The cyclin-dependent kinase (Cdk) inhibitor p16(Ink4a) (p16) is a canonical mediator of cellular senescence and accumulates in aging tissues, where it constrains proliferation of some progenitor cells. However, whether p16 induction in tissues is sufficient to inhibit cell proliferation, mediate senescence, and/or impose aging features has remained unclear. To address these issues, we generated transgenic mice that permit conditional p16 expression. Broad induction at weaning inhibited proliferation of intestinal transit-amplifying and Lgr5+ stem cells and rapidly imposed features of aging, including hair loss, skin wrinkling, reduced body weight and subcutaneous fat, an increased myeloid fraction in peripheral blood, poor dentition, and cataracts. Aging features were observed with multiple combinations of p16 transgenes and transactivators and were largely abrogated by a germline Cdk4 R24C mutation, confirming that they reflect Cdk inhibition. Senescence markers were not found, and de-induction of p16, even after weeks of sustained expression, allowed rapid recovery of intestinal cell proliferation and reversal of aging features in most mice. These results suggest that p16-mediated inhibition of Cdk activity is sufficient to inhibit cell proliferation and impose aging features in somatic tissues of mammals and that at least some of these aging features are reversible.

Authors
Boquoi, A; Arora, S; Chen, T; Litwin, S; Koh, J; Enders, GH
MLA Citation
Boquoi, A, Arora, S, Chen, T, Litwin, S, Koh, J, and Enders, GH. "Reversible cell cycle inhibition and premature aging features imposed by conditional expression of p16Ink4a." Aging cell 14.1 (February 2015): 139-147.
PMID
25481981
Source
epmc
Published In
Aging Cell
Volume
14
Issue
1
Publish Date
2015
Start Page
139
End Page
147
DOI
10.1111/acel.12279

The senescent methylome and its relationship with cancer, ageing and germline genetic variation in humans.

Cellular senescence is a stable arrest of proliferation and is considered a key component of processes associated with carcinogenesis and other ageing-related phenotypes. Here, we perform methylome analysis of actively dividing and deeply senescent normal human epithelial cells.We identify senescence-associated differentially methylated positions (senDMPs) from multiple experiments using cells from one donor. We find that human senDMP epigenetic signatures are positively and significantly correlated with both cancer and ageing-associated methylation dynamics. We also identify germline genetic variants, including those associated with the p16INK4A locus, which are associated with the presence of in vivo senDMP signatures. Importantly, we also demonstrate that a single senDMP signature can be effectively reversed in a newly-developed protocol of transient senescence reversal.The senDMP signature has significant potential for understanding some of the key (epi)genetic etiological factors that may lead to cancer and age-related diseases in humans.

Authors
Lowe, R; Overhoff, MG; Ramagopalan, SV; Garbe, JC; Koh, J; Stampfer, MR; Beach, DH; Rakyan, VK; Bishop, CL
MLA Citation
Lowe, R, Overhoff, MG, Ramagopalan, SV, Garbe, JC, Koh, J, Stampfer, MR, Beach, DH, Rakyan, VK, and Bishop, CL. "The senescent methylome and its relationship with cancer, ageing and germline genetic variation in humans." Genome biology 16 (January 2015): 194-.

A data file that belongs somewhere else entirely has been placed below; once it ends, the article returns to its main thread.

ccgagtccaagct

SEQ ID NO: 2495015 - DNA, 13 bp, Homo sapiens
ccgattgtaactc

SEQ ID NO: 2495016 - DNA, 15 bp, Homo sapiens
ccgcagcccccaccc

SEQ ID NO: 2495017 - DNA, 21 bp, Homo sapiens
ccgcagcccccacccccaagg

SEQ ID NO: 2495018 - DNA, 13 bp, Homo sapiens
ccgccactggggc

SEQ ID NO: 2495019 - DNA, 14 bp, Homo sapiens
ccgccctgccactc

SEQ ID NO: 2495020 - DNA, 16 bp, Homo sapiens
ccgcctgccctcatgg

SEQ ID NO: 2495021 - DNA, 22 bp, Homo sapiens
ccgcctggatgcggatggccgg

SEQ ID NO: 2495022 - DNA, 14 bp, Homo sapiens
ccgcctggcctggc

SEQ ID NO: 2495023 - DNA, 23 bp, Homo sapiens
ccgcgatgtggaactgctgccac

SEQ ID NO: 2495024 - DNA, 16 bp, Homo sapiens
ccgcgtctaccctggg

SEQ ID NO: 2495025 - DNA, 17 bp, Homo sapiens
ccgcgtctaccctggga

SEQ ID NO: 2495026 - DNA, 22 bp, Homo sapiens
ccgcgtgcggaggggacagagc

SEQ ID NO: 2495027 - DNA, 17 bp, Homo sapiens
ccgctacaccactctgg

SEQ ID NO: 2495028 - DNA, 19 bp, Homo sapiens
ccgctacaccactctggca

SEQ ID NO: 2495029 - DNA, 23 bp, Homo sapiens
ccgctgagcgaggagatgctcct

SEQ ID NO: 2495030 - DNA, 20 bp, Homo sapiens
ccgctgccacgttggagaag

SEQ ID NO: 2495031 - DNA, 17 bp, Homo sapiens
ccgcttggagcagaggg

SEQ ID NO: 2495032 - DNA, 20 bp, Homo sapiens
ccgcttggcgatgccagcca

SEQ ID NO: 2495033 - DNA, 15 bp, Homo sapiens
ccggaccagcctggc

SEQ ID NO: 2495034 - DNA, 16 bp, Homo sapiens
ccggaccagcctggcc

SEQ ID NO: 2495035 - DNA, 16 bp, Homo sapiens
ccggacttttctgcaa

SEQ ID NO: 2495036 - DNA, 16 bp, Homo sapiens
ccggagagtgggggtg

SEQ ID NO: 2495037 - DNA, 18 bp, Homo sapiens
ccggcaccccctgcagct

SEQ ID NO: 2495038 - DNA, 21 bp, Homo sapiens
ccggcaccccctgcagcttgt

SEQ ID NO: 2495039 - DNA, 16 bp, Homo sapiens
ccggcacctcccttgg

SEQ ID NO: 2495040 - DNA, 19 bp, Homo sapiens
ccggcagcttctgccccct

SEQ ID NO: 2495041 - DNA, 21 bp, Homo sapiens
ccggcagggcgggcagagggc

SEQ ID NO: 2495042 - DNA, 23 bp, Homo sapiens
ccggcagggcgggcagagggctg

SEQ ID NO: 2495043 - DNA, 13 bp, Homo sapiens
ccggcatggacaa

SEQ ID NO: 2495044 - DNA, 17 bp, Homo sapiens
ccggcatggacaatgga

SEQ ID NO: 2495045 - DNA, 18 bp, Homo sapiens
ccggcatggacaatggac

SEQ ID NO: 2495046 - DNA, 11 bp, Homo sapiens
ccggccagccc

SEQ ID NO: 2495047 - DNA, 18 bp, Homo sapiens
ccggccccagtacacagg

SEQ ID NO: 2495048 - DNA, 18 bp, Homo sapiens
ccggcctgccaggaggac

PMID
26381124
Source
epmc
Published In
Genome Biology: biology for the post-genomic era
Volume
16
Publish Date
2015
Start Page
194
DOI
10.1186/s13059-015-0748-4

Functional and genetic studies of isolated cells from parathyroid tumors reveal the complex pathogenesis of parathyroid neoplasia.

Parathyroid adenomas (PAs) causing primary hyperparathyroidism (PHPT) are histologically heterogeneous yet have been historically viewed as largely monotypic entities arising from clonal expansion of a single transformed progenitor. Using flow cytometric analysis of resected adenomatous parathyroid glands, we have isolated and characterized chief cells, oxyphil cells, and tumor-infiltrating lymphocytes. The parathyroid chief and oxyphil cells produce parathyroid hormone (PTH), express the calcium-sensing receptor (CASR), and mobilize intracellular calcium in response to CASR activation. Parathyroid tumor infiltrating lymphocytes are T cells by immunophenotyping. Under normocalcemic conditions, oxyphil cells produce ∼50% more PTH than do chief cells, yet display significantly greater PTH suppression and calcium flux response to elevated calcium. In contrast, CASR expression and localization are equivalent in the respective parathyroid cell populations. Analysis of tumor clonality using X-linked inactivation assays in a patient-matched series of intact tumors, preparatively isolated oxyphil and chief cells, and laser-captured microdissected PA specimens demonstrate polyclonality in 5 of 14 cases. These data demonstrate the presence of functionally distinct oxyphil and chief cells within parathyroid primary adenomas and provide evidence that primary PA can arise by both clonal and polyclonal mechanisms. The clonal differences, biochemical activity, and relative abundance of these parathyroid adenoma subpopulations likely reflect distinct mechanisms of disease in PHPT.

Authors
Shi, Y; Hogue, J; Dixit, D; Koh, J; Olson, JA
MLA Citation